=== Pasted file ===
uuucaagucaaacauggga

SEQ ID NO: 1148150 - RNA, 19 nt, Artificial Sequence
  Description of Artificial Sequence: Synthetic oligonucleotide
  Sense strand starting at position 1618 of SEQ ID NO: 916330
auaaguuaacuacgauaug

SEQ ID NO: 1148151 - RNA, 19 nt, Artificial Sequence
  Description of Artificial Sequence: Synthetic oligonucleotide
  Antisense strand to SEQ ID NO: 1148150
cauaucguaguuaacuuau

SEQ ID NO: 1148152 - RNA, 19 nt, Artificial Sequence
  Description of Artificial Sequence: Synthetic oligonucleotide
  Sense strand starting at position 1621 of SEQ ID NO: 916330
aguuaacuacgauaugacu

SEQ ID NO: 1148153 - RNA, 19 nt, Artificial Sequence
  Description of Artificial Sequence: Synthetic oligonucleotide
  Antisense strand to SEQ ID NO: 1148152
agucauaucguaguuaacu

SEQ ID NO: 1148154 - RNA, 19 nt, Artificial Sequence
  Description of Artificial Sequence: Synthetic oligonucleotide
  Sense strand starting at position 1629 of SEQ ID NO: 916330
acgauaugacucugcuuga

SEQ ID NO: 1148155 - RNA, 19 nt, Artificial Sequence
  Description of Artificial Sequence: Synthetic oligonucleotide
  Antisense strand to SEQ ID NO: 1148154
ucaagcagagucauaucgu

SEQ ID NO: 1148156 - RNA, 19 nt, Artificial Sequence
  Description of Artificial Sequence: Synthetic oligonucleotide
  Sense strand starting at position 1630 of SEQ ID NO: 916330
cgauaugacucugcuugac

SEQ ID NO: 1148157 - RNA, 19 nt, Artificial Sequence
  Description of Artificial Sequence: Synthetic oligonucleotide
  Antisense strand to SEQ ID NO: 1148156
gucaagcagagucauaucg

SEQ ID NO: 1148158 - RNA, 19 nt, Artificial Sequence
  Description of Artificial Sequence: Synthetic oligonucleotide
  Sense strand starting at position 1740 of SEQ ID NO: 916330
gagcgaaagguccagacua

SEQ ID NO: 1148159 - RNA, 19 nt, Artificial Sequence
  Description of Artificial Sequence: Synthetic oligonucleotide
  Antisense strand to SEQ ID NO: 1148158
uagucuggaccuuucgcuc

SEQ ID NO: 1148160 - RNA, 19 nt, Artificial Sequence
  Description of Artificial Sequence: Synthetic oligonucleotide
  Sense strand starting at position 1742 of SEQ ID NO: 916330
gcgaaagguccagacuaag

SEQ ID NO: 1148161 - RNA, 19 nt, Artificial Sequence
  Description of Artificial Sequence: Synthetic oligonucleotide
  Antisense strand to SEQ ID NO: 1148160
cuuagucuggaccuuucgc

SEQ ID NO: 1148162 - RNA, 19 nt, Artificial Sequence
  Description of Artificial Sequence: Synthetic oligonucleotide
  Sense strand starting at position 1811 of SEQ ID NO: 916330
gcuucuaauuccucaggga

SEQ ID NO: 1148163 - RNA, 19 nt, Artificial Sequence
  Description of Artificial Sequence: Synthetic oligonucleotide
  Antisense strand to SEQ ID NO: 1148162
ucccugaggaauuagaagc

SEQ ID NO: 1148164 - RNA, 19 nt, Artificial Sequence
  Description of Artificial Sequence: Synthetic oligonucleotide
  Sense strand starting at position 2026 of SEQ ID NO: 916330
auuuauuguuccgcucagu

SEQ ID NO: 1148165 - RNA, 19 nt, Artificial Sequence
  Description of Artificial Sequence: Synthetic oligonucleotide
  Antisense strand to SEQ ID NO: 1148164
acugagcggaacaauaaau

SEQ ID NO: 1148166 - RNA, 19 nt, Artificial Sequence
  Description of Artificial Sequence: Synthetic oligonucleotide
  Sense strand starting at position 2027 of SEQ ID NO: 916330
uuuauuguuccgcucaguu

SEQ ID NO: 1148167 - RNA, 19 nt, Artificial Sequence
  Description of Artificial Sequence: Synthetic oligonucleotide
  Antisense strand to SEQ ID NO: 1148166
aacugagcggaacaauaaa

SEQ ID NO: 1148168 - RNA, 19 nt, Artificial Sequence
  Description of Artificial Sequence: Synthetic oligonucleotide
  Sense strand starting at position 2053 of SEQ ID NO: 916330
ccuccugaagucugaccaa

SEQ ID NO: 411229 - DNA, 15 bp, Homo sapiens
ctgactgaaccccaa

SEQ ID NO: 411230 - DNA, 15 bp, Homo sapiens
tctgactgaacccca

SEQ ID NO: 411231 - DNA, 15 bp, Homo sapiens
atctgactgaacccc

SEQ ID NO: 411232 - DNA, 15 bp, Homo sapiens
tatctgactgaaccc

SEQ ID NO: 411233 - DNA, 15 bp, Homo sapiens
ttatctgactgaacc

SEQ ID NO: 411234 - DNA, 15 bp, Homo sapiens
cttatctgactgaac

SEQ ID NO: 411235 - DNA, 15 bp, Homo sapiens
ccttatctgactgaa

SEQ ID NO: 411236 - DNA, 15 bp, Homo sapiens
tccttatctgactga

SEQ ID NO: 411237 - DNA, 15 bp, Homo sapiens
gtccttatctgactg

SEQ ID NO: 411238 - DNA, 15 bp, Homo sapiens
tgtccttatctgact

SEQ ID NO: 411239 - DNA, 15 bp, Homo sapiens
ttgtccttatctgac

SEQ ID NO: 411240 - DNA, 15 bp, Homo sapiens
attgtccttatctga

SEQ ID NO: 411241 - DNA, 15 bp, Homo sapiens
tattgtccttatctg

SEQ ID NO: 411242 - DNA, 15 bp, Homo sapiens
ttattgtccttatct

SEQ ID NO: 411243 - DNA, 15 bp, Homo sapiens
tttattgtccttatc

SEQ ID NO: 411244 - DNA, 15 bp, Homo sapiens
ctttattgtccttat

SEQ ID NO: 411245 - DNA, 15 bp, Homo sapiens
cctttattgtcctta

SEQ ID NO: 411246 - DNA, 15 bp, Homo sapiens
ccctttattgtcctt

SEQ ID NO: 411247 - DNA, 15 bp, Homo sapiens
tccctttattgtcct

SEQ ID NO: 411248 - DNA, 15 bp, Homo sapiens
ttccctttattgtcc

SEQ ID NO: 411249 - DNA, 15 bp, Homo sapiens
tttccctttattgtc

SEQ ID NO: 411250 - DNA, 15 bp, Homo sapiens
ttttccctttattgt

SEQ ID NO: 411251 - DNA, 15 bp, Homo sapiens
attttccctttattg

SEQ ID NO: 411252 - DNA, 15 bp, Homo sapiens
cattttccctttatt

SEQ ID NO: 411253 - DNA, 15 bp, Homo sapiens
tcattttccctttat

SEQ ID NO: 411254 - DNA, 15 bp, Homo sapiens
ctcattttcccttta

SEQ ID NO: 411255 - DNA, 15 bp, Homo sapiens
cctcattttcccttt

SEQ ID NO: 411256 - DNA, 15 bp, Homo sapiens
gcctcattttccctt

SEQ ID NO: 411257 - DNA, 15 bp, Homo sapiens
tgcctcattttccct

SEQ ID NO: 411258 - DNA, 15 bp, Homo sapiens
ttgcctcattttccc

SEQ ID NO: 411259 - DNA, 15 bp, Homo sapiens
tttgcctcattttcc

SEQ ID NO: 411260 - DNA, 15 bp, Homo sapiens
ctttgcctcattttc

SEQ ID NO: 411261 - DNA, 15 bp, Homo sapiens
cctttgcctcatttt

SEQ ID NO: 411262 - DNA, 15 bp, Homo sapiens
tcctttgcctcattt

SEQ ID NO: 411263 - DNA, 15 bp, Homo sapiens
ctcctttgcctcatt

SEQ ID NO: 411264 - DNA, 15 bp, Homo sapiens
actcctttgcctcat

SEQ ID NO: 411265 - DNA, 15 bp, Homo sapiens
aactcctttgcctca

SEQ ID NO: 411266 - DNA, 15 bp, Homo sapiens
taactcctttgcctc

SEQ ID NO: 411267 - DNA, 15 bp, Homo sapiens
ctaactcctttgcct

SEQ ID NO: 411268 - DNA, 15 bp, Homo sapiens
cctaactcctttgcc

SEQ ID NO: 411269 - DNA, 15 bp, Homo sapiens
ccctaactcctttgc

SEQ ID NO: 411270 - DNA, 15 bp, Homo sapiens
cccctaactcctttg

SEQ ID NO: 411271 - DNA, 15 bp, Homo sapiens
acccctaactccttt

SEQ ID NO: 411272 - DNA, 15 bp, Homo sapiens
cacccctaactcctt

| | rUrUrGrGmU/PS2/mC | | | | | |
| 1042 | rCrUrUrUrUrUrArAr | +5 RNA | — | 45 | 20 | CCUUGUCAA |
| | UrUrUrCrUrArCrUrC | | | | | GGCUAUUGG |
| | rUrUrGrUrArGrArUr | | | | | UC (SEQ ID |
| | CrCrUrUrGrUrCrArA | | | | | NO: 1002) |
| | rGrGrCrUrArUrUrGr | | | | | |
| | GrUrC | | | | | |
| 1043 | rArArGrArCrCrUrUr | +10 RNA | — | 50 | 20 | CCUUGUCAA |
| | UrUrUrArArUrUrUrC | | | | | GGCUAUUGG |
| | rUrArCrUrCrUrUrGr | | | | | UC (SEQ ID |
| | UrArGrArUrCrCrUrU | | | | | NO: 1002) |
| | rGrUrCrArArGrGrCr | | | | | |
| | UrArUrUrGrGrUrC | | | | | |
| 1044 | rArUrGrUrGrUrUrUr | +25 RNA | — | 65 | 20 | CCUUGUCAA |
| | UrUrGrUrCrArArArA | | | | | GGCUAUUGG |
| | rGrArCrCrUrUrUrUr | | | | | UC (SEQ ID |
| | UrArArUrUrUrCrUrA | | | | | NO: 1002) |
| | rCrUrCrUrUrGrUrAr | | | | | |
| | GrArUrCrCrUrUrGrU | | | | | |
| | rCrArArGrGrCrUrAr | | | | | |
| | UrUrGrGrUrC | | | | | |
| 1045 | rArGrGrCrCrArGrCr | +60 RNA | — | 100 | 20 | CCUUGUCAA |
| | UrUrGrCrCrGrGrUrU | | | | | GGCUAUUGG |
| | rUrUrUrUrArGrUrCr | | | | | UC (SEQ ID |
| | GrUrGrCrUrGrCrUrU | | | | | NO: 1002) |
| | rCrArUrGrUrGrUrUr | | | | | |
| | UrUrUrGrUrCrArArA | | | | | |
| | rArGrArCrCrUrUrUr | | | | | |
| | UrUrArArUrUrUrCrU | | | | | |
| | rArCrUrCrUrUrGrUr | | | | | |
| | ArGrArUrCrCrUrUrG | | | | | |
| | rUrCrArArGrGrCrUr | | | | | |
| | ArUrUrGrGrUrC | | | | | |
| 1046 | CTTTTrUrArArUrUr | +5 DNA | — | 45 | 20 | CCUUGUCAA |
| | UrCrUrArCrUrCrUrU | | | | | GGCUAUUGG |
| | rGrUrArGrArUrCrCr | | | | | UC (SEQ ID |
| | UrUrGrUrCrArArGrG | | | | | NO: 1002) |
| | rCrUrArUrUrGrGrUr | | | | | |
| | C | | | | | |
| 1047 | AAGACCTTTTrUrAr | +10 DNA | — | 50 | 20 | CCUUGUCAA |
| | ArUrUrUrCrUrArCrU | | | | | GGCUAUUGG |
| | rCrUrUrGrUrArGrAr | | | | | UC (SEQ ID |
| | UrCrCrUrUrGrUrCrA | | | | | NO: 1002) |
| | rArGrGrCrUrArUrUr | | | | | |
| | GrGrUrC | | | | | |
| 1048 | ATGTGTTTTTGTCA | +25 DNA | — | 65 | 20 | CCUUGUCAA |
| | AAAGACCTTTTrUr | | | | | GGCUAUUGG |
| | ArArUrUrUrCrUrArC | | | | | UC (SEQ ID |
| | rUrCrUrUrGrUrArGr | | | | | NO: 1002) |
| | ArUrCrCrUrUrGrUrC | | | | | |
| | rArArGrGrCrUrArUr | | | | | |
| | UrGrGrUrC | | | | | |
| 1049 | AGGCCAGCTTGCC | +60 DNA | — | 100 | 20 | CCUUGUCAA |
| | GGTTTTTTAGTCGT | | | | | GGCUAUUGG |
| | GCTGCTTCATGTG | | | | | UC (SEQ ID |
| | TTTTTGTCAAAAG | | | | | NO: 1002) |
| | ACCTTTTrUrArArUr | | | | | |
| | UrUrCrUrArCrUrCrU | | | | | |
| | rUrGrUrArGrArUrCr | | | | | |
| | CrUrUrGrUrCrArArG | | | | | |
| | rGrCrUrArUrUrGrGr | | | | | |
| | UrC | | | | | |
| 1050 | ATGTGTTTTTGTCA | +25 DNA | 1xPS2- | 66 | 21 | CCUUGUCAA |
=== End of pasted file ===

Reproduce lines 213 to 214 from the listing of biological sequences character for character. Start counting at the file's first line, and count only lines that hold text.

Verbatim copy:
| | ArArUrUrUrCrUrArC | | | | | UC (SEQ ID |
| | rUrCrUrUrGrUrArGr | | | | | NO: 1002) |